It’s a strong plot, written in classic hard boiled style. But what matters most is the characterisation and the social critique.

Easy Rawlins is a powerful protagonist. He does everything you want from a PI in a novel like this – he’s terse, he’s a loner, he’s prone to violence, and he struggles between the woman and family he loves and his desires for others.There is a moral ambiguity to Easy, who wants to do the right thing, but often that clashes with his desires on the one hand, and with what society – and the law in particular – thinks is the right thing, on the other. Hard boiled heroes are often drawn with this kind of stereotyped masculinity, and although Easy fits the category, it’s hard not to like him. 

The social critique in the Rawlin’s series is what makes Mosley stand out. Easy is black and the ongoing theme running through the series is the inequality and injustice experienced by African Americans in mid-twentieth century US. It’s present in the police force, of course, and their treatment of people, but also evident in the politics and social life throughout the novels.

What Mosely does really well in Little Scarlet in particular is highlight the anger and emotion that racial inequality leads to, and the way it manifests itself as major events like the LA riots and ongoing incidents of ‘resentiment’ – where suppressed and sometimes unarticulated feelings occasionally burst out – that are part of the everyday lives of many of the African Americans that feature throughout the book.

Racial injustice plays a causal role in everything from the race riots and the killer’s motives right through to the way Easy is treated by the police and the life chances of a young woman that Easy falls for.

It’s this – the combination of plot, character and critique – that makes Mosely a powerful novel.

George Pelecanos – Right as Rain

right as rain

Read Nov 2014

The story: private detective Strange is asked to look into the death of black cop (Wilson) who was killed off duty; he hooks up with the white cop (Quinn) who killed him and they end up working together, uncovering a drug operation that resulted in Wilson’s sister (Sondra) becoming an abused drug addict. Quinn did kill Wilson but it turns out that he was a pawn in bigger game. In the end Strange and Quinn take down the drug killers and rescue Sondra in a big showdown.

Right as rain is a good book as far as it goes – it’s kind of like The Wire, but without the depth, and a Quentin Tarantino film, but without the cool. The story is good, kind of makes sense, and as always George Pelecanos does dialogue and realism really well. And he tackles big issues like inequality, racism and drug use.

But, but, but . . . I can’t help feeling it’s all so formulaic now. Not just the plot but the characterisation, the heroic but flawed main character who saves the day but is plagued by insecurities stemming from a dark and difficult past that he tries to overcome everyday. Pelecanos’s Nick Stefanos novels and the DC Quarter felt fresh, but the more recent novels, less so.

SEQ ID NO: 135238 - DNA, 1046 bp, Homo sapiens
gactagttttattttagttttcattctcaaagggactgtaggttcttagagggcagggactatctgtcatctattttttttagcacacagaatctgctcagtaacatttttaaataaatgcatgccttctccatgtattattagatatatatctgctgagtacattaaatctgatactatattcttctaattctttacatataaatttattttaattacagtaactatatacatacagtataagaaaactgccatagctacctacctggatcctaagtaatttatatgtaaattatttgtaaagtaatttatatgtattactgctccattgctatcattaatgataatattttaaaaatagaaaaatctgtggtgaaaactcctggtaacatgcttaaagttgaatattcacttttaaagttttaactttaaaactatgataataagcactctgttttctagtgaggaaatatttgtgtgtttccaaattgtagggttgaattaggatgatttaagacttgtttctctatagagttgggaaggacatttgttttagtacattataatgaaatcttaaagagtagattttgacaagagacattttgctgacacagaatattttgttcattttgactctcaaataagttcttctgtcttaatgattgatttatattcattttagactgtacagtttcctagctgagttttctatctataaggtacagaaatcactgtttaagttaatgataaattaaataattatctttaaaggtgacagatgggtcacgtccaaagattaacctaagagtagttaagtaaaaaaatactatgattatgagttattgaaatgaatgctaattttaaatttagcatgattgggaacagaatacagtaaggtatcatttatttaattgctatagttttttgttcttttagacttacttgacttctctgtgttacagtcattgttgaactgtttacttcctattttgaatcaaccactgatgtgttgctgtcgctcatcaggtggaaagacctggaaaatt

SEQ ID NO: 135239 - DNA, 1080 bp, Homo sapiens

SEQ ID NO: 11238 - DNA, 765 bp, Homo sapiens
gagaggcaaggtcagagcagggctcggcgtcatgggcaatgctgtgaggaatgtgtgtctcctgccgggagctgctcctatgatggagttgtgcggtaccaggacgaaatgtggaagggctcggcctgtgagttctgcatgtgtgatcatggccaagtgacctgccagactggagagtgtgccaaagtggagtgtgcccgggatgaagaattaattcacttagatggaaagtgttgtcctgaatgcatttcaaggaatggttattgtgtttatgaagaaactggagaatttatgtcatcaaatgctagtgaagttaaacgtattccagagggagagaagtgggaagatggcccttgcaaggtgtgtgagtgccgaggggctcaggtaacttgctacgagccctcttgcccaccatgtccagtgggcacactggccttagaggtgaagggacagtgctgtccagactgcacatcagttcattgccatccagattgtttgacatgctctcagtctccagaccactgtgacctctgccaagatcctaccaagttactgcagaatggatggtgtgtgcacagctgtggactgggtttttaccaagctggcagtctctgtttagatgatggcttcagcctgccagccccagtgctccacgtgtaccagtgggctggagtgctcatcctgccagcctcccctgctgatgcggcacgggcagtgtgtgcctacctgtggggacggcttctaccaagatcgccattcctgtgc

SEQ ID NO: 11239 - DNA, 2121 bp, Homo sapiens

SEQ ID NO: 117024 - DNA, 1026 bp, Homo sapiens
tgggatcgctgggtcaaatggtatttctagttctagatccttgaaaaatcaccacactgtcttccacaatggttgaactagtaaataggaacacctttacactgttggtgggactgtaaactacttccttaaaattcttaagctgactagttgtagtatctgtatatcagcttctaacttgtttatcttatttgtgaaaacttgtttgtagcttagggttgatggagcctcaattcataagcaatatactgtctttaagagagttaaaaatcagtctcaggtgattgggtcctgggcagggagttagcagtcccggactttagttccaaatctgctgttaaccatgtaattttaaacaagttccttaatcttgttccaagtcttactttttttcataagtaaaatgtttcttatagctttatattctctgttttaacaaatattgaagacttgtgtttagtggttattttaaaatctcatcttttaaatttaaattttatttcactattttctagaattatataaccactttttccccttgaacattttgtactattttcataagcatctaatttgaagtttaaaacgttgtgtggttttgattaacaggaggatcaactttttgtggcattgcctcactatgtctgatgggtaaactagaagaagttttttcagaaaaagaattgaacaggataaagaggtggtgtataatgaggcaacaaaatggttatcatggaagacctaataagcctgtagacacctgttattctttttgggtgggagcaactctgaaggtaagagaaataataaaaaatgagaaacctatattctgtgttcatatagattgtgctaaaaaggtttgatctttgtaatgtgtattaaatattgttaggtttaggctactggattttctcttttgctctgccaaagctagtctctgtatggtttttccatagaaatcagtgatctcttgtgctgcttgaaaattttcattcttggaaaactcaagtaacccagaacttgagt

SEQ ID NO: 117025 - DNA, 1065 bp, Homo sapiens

PD James – Death in Holy Orders

death in holy orders

Read May 2014

It’s an ITV drama! In fact, I think it might have been!

This is a classic middle England detective story. An isolated Church of England retreat house with a small number of trainee clergy is the scene. First a trainee commits suicide and then, when a senior clergy person visits with news that it must be closed, he is murdered. A number of other murders follow, apparently to cover up the first.
A senior Scotland Yard inspector, Dalgleish (the protagonist of many PD James novels), knows the place from his youth and so agrees to visit. Eventually it transpires that the murderer is one of the senior clergy there who has a secret adopted son who will benefit from the centre’s swift closure.

It’s quite a gripping book but left me a little cold: not only didn’t I care about the people (that’s hardly a requisite of a good book) but I couldn’t relate to the whole set-up. It felt far-fetched, fabricated and like the book was giving us an upper middle class rural England that never existed before telling us that morally there’s something very wrong with it. Zizek would have a field day!

Elmore Leonard – The Hunted

the hunted

Read May 2014

It’s hard to read Leonard without thinking about interviews with him saying that the reason he writes books is to get a film deal. It spoils it a little, whilst also making you visualise it in the style of Quentin Tarantino. But once you put that behind you – and the fact that it’s no literary revelation – The Hunted, like other books of his, are great: interesting characters; ridiculous, but not too ridiculous, plots; engaging dialogue; very readable. It’s about a guy who had done witness protection being tracked down by people wanting to kill him. They pursue him around Israel, where the book’s set. The guy teams up with an ex US marine and a female ex Israeli Defence Force as they try to defend themselves, all ending of course in a big violent showdown. Utterly gripping at the time; almost instantly forgettable.